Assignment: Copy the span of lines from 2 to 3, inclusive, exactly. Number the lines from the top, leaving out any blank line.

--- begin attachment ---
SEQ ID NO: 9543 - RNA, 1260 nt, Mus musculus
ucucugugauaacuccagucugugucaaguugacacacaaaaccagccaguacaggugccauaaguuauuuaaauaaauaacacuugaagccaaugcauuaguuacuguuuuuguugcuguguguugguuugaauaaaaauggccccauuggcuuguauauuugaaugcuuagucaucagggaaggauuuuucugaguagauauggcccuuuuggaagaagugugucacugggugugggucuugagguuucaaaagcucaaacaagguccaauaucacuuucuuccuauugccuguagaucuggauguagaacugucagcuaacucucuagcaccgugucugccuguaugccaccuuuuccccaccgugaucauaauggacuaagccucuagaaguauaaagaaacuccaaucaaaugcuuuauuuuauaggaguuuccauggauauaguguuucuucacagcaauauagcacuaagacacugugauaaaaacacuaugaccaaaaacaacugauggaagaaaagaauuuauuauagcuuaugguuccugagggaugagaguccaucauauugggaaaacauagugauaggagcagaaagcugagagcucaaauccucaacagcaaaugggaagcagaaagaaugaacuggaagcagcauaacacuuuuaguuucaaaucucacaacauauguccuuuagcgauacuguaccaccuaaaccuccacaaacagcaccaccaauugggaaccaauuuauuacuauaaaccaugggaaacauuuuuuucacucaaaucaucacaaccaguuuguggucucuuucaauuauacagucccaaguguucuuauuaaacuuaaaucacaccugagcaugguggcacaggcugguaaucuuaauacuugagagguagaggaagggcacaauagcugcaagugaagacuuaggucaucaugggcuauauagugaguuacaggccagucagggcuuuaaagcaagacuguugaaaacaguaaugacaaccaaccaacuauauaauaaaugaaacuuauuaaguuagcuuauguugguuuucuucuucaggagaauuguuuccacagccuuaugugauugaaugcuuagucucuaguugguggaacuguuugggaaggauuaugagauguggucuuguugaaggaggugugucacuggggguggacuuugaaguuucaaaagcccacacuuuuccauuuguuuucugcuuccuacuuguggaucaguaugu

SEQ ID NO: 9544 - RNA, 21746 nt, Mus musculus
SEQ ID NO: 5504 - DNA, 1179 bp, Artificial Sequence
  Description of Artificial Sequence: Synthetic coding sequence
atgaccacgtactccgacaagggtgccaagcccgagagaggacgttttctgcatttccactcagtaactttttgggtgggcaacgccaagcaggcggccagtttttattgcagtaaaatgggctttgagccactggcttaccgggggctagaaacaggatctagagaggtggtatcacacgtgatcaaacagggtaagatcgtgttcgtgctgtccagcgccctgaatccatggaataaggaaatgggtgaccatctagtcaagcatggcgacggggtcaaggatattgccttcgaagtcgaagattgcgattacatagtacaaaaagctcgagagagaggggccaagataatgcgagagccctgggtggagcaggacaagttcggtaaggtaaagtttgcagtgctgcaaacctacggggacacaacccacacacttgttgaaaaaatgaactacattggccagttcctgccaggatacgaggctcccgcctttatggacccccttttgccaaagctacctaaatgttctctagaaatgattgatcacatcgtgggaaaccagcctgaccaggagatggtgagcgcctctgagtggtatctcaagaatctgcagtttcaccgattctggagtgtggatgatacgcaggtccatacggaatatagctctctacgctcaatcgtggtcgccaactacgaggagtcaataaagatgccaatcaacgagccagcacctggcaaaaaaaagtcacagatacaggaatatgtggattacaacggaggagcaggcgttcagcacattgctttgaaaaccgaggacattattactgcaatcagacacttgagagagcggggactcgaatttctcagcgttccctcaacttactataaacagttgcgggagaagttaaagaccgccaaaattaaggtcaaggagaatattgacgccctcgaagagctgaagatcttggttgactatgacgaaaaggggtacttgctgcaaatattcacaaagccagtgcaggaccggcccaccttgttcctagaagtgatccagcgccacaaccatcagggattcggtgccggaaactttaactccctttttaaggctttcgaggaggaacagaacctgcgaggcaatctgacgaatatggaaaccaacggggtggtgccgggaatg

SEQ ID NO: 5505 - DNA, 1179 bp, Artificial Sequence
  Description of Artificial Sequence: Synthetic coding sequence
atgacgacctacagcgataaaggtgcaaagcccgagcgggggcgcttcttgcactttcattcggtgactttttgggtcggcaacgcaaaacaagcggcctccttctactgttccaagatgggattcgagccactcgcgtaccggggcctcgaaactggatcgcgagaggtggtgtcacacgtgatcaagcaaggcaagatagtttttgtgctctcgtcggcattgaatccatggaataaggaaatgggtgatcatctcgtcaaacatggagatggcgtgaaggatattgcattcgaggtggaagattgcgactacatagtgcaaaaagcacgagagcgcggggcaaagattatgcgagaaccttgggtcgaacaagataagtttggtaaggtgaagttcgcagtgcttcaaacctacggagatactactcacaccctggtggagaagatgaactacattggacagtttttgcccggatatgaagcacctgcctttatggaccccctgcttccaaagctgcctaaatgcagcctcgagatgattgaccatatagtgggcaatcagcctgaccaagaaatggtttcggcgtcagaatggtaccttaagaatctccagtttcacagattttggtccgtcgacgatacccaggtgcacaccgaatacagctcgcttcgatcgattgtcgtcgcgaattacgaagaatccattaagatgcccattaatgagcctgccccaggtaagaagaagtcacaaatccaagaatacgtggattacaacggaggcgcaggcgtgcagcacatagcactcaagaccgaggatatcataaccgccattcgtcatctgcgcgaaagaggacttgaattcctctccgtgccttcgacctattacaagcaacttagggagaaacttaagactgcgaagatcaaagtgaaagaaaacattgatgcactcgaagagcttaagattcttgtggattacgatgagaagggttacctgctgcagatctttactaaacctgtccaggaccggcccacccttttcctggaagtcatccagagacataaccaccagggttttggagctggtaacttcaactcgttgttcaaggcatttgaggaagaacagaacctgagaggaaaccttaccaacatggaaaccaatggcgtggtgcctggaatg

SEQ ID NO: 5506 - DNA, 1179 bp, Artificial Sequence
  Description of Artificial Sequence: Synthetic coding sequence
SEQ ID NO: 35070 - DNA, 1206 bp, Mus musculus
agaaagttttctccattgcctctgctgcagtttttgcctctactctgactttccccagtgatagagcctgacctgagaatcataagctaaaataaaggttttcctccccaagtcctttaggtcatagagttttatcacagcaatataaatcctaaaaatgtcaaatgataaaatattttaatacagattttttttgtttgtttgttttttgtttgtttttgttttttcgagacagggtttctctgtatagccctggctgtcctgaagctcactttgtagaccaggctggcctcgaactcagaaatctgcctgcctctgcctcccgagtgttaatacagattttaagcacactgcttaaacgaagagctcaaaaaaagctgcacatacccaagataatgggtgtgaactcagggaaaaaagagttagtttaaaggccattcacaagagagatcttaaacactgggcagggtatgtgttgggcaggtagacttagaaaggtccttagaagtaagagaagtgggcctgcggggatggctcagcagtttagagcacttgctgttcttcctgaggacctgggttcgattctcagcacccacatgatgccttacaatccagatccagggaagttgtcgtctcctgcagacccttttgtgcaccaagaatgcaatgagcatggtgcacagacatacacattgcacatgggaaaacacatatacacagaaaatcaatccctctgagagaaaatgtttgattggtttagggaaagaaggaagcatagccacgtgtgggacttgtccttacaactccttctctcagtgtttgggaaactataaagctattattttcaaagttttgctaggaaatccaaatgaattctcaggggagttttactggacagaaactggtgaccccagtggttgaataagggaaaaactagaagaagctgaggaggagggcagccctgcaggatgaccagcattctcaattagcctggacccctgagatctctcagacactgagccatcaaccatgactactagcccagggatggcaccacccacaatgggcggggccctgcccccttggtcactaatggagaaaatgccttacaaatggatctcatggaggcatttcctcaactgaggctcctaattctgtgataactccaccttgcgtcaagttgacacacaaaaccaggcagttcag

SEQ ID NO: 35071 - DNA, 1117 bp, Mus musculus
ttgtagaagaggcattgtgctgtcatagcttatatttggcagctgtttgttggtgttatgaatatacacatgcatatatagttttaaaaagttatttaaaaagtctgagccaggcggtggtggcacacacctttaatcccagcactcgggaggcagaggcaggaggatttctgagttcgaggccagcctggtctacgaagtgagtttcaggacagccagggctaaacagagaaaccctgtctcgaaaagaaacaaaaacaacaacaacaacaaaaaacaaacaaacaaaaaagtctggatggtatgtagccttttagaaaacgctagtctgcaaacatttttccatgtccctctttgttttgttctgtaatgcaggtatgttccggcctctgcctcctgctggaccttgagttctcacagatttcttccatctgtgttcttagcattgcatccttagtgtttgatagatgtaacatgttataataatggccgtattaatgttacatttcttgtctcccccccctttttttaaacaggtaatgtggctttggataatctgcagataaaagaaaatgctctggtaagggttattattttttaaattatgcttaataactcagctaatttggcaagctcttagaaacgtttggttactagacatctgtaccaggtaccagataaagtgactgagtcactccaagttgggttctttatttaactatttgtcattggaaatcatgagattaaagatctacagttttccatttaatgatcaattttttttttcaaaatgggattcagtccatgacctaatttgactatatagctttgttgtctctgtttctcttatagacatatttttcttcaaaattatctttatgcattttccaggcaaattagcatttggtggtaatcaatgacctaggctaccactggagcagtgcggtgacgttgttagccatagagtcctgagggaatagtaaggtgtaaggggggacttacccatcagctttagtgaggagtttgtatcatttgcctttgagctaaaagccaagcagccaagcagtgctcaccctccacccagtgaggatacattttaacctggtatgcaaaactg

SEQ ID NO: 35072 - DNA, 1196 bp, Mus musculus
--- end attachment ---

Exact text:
ucucugugauaacuccagucugugucaaguugacacacaaaaccagccaguacaggugccauaaguuauuuaaauaaauaacacuugaagccaaugcauuaguuacuguuuuuguugcuguguguugguuugaauaaaaauggccccauuggcuuguauauuugaaugcuuagucaucagggaaggauuuuucugaguagauauggcccuuuuggaagaagugugucacugggugugggucuugagguuucaaaagcucaaacaagguccaauaucacuuucuuccuauugccuguagaucuggauguagaacugucagcuaacucucuagcaccgugucugccuguaugccaccuuuuccccaccgugaucauaauggacuaagccucuagaaguauaaagaaacuccaaucaaaugcuuuauuuuauaggaguuuccauggauauaguguuucuucacagcaauauagcacuaagacacugugauaaaaacacuaugaccaaaaacaacugauggaagaaaagaauuuauuauagcuuaugguuccugagggaugagaguccaucauauugggaaaacauagugauaggagcagaaagcugagagcucaaauccucaacagcaaaugggaagcagaaagaaugaacuggaagcagcauaacacuuuuaguuucaaaucucacaacauauguccuuuagcgauacuguaccaccuaaaccuccacaaacagcaccaccaauugggaaccaauuuauuacuauaaaccaugggaaacauuuuuuucacucaaaucaucacaaccaguuuguggucucuuucaauuauacagucccaaguguucuuauuaaacuuaaaucacaccugagcaugguggcacaggcugguaaucuuaauacuugagagguagaggaagggcacaauagcugcaagugaagacuuaggucaucaugggcuauauagugaguuacaggccagucagggcuuuaaagcaagacuguugaaaacaguaaugacaaccaaccaacuauauaauaaaugaaacuuauuaaguuagcuuauguugguuuucuucuucaggagaauuguuuccacagccuuaugugauugaaugcuuagucucuaguugguggaacuguuugggaaggauuaugagauguggucuuguugaaggaggugugucacuggggguggacuuugaaguuucaaaagcccacacuuuuccauuuguuuucugcuuccuacuuguggaucaguaugu

SEQ ID NO: 9544 - RNA, 21746 nt, Mus musculus